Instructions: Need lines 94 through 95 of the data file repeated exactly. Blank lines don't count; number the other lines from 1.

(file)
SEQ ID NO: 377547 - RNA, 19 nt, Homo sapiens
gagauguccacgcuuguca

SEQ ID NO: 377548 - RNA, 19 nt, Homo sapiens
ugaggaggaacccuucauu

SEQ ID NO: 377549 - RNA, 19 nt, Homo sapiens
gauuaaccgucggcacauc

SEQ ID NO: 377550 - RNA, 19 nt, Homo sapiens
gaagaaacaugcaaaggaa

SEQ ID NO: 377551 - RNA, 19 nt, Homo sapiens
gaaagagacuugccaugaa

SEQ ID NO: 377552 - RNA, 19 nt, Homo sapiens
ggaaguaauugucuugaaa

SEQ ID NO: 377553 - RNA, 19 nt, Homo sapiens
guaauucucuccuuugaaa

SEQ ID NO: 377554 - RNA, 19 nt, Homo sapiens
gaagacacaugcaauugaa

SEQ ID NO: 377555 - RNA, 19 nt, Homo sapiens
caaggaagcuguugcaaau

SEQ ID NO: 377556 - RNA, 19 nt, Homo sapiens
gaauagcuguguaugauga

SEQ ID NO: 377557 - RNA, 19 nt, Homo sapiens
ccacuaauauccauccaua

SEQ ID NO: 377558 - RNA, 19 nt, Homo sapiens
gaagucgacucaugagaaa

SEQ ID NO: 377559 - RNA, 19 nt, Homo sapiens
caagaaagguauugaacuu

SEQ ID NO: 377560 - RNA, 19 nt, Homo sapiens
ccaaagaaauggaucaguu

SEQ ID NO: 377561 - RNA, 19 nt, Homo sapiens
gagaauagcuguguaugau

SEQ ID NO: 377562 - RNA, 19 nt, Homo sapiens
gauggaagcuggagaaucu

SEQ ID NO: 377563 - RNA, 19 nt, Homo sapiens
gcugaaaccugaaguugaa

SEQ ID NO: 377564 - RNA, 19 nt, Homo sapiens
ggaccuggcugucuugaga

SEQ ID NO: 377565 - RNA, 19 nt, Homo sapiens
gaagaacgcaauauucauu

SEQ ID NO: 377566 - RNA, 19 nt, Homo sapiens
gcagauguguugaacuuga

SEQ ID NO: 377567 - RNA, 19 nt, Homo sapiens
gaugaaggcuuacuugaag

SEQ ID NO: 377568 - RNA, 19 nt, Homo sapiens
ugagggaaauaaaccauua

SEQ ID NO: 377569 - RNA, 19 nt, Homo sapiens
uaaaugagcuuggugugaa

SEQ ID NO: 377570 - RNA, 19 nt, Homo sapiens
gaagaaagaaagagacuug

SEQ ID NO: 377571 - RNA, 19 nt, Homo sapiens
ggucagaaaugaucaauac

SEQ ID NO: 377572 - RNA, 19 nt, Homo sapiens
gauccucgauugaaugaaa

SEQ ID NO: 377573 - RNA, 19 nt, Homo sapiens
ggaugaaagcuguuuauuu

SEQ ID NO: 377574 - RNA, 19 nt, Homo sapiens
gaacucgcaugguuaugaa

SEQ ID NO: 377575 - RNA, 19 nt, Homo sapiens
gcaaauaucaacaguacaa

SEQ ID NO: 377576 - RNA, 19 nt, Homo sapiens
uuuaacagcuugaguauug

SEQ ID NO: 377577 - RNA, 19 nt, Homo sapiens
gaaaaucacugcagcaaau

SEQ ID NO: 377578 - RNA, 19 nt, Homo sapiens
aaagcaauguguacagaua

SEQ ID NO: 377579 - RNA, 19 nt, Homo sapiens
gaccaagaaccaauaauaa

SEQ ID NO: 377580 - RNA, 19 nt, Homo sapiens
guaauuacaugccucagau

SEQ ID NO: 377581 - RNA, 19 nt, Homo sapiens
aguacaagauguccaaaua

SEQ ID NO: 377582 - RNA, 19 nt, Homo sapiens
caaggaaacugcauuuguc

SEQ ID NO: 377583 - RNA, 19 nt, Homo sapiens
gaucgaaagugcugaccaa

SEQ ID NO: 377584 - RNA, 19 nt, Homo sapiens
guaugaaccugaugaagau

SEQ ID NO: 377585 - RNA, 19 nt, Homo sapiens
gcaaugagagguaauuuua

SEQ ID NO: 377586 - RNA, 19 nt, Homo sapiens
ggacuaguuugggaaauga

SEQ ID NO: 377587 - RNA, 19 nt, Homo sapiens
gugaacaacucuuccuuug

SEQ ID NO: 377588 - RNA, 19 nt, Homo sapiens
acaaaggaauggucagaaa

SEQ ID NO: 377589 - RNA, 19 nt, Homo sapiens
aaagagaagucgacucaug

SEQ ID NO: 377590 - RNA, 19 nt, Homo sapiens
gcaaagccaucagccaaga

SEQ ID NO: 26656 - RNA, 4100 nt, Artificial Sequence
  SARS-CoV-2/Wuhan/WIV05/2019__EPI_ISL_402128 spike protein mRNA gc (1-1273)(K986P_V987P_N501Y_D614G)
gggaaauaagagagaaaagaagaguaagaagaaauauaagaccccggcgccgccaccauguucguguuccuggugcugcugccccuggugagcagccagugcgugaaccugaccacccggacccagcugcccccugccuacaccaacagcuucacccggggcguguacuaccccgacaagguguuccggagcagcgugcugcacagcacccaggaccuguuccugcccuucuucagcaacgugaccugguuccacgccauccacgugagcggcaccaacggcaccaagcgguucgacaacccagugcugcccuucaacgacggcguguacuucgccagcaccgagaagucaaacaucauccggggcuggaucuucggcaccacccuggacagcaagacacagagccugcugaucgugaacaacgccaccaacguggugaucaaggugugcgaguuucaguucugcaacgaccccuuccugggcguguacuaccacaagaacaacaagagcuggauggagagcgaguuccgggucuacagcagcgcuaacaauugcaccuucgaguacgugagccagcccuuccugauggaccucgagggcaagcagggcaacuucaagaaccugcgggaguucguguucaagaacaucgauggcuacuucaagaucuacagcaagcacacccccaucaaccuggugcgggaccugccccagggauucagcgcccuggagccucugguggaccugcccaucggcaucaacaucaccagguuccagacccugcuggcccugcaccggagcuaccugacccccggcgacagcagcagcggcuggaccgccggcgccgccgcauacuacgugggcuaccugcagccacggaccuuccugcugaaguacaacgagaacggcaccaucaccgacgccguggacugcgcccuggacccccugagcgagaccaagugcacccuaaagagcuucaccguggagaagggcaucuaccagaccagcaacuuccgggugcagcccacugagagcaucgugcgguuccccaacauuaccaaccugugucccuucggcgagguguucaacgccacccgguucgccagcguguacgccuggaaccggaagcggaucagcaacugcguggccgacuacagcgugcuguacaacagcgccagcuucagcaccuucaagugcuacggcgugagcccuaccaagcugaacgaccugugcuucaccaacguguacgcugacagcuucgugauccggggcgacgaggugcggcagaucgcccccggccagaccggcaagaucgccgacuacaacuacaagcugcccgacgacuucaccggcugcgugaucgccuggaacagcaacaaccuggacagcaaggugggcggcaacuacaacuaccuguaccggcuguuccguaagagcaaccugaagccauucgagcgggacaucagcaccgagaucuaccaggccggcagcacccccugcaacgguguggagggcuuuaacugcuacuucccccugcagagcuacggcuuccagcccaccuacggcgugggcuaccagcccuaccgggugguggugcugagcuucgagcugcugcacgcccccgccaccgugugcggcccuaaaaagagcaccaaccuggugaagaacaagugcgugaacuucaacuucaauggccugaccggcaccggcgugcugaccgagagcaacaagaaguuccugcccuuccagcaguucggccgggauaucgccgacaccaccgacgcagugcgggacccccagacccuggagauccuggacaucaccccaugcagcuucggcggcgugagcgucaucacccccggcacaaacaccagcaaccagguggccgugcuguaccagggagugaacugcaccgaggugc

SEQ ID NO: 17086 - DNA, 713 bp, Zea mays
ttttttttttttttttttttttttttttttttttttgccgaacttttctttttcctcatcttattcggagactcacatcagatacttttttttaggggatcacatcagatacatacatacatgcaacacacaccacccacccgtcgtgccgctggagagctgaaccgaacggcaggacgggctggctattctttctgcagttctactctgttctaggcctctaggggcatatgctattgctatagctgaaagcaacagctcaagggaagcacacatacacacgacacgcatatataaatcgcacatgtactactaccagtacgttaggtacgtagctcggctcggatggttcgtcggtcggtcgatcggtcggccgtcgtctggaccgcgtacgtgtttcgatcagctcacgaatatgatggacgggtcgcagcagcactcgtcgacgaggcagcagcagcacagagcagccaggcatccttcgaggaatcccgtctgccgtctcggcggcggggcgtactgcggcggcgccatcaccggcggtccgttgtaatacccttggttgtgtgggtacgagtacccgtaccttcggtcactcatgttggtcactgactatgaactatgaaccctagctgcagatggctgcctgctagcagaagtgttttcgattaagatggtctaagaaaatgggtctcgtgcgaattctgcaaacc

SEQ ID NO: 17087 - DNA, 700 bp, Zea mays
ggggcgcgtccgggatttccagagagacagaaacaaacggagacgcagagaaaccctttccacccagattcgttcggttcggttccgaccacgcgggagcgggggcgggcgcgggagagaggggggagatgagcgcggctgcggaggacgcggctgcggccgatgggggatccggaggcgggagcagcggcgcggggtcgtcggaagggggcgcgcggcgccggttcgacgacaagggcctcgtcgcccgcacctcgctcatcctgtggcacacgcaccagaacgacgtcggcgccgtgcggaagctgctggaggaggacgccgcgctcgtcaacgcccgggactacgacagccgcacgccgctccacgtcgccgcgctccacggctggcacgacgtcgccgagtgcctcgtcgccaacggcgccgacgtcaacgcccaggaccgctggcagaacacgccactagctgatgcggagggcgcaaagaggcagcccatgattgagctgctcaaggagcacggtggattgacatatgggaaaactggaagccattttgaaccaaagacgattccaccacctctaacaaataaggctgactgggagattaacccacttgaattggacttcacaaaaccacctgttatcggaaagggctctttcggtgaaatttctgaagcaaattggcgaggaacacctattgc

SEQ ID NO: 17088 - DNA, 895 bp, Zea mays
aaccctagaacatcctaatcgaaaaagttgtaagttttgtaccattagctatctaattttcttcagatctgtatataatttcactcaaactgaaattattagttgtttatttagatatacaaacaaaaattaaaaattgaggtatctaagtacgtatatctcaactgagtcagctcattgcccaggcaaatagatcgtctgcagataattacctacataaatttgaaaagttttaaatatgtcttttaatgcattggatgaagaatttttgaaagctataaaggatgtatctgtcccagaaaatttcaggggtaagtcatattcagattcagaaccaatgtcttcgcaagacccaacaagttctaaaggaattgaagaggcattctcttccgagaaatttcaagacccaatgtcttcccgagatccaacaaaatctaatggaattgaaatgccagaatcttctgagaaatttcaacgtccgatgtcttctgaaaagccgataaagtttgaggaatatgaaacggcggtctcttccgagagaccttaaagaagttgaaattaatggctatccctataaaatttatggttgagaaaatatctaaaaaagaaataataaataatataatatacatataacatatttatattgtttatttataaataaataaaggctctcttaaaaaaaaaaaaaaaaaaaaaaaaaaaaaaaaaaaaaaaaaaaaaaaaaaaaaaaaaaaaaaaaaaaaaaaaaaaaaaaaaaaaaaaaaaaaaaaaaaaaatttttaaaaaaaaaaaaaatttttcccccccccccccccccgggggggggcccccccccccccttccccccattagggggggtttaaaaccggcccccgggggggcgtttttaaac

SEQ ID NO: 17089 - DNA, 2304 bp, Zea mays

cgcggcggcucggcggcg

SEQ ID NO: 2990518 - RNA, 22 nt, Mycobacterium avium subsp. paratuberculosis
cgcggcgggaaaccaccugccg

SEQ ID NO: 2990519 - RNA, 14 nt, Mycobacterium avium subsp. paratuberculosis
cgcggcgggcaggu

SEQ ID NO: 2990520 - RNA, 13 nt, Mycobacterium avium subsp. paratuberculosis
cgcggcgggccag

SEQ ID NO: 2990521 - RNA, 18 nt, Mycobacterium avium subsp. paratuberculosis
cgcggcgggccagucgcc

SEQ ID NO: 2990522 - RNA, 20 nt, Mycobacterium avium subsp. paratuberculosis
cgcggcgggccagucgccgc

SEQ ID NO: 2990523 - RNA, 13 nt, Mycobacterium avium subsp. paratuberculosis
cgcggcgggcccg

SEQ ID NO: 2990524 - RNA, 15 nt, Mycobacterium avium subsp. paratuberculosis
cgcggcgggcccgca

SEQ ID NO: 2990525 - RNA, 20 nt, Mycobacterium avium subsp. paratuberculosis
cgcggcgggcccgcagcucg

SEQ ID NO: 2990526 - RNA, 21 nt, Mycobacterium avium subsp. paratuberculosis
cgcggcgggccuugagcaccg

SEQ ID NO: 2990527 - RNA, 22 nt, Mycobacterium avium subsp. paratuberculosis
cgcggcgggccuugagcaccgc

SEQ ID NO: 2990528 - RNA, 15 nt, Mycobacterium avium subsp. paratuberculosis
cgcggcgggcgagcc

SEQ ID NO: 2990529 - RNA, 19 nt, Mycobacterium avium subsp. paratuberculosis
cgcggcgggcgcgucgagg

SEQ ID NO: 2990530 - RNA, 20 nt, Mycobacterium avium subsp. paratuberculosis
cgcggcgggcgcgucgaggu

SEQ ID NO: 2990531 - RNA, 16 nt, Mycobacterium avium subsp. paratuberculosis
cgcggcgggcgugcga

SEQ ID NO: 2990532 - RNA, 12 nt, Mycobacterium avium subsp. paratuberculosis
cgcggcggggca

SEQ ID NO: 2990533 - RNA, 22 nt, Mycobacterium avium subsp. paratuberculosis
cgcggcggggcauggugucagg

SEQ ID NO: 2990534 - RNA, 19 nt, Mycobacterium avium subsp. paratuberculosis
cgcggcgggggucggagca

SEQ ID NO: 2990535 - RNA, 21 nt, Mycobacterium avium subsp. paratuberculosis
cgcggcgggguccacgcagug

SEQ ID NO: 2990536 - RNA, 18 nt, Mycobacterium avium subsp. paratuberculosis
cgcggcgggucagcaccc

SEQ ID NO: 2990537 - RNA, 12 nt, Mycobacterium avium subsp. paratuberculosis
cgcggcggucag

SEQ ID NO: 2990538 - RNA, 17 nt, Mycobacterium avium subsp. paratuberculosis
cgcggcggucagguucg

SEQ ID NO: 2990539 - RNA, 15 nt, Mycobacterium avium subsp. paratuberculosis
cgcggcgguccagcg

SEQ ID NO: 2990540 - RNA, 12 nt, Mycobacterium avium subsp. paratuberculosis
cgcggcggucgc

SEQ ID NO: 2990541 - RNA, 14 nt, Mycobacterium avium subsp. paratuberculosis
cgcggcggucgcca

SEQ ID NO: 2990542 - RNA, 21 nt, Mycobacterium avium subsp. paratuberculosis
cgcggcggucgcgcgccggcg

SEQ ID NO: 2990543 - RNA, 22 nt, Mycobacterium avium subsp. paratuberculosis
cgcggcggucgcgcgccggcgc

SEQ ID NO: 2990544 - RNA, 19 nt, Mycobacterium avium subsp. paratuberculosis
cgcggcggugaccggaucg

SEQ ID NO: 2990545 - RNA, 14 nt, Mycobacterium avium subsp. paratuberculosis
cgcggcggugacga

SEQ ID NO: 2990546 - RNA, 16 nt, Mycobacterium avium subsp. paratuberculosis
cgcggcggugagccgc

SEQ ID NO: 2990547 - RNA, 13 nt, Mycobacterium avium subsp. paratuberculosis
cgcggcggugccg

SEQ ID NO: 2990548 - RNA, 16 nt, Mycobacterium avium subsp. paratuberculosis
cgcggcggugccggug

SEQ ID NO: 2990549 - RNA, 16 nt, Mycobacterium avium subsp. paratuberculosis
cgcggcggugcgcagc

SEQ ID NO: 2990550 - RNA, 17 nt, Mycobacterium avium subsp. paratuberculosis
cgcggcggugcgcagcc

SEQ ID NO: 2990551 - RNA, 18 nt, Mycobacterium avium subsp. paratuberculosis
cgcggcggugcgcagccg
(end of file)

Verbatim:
SEQ ID NO: 17087 - DNA, 700 bp, Zea mays
ggggcgcgtccgggatttccagagagacagaaacaaacggagacgcagagaaaccctttccacccagattcgttcggttcggttccgaccacgcgggagcgggggcgggcgcgggagagaggggggagatgagcgcggctgcggaggacgcggctgcggccgatgggggatccggaggcgggagcagcggcgcggggtcgtcggaagggggcgcgcggcgccggttcgacgacaagggcctcgtcgcccgcacctcgctcatcctgtggcacacgcaccagaacgacgtcggcgccgtgcggaagctgctggaggaggacgccgcgctcgtcaacgcccgggactacgacagccgcacgccgctccacgtcgccgcgctccacggctggcacgacgtcgccgagtgcctcgtcgccaacggcgccgacgtcaacgcccaggaccgctggcagaacacgccactagctgatgcggagggcgcaaagaggcagcccatgattgagctgctcaaggagcacggtggattgacatatgggaaaactggaagccattttgaaccaaagacgattccaccacctctaacaaataaggctgactgggagattaacccacttgaattggacttcacaaaaccacctgttatcggaaagggctctttcggtgaaatttctgaagcaaattggcgaggaacacctattgc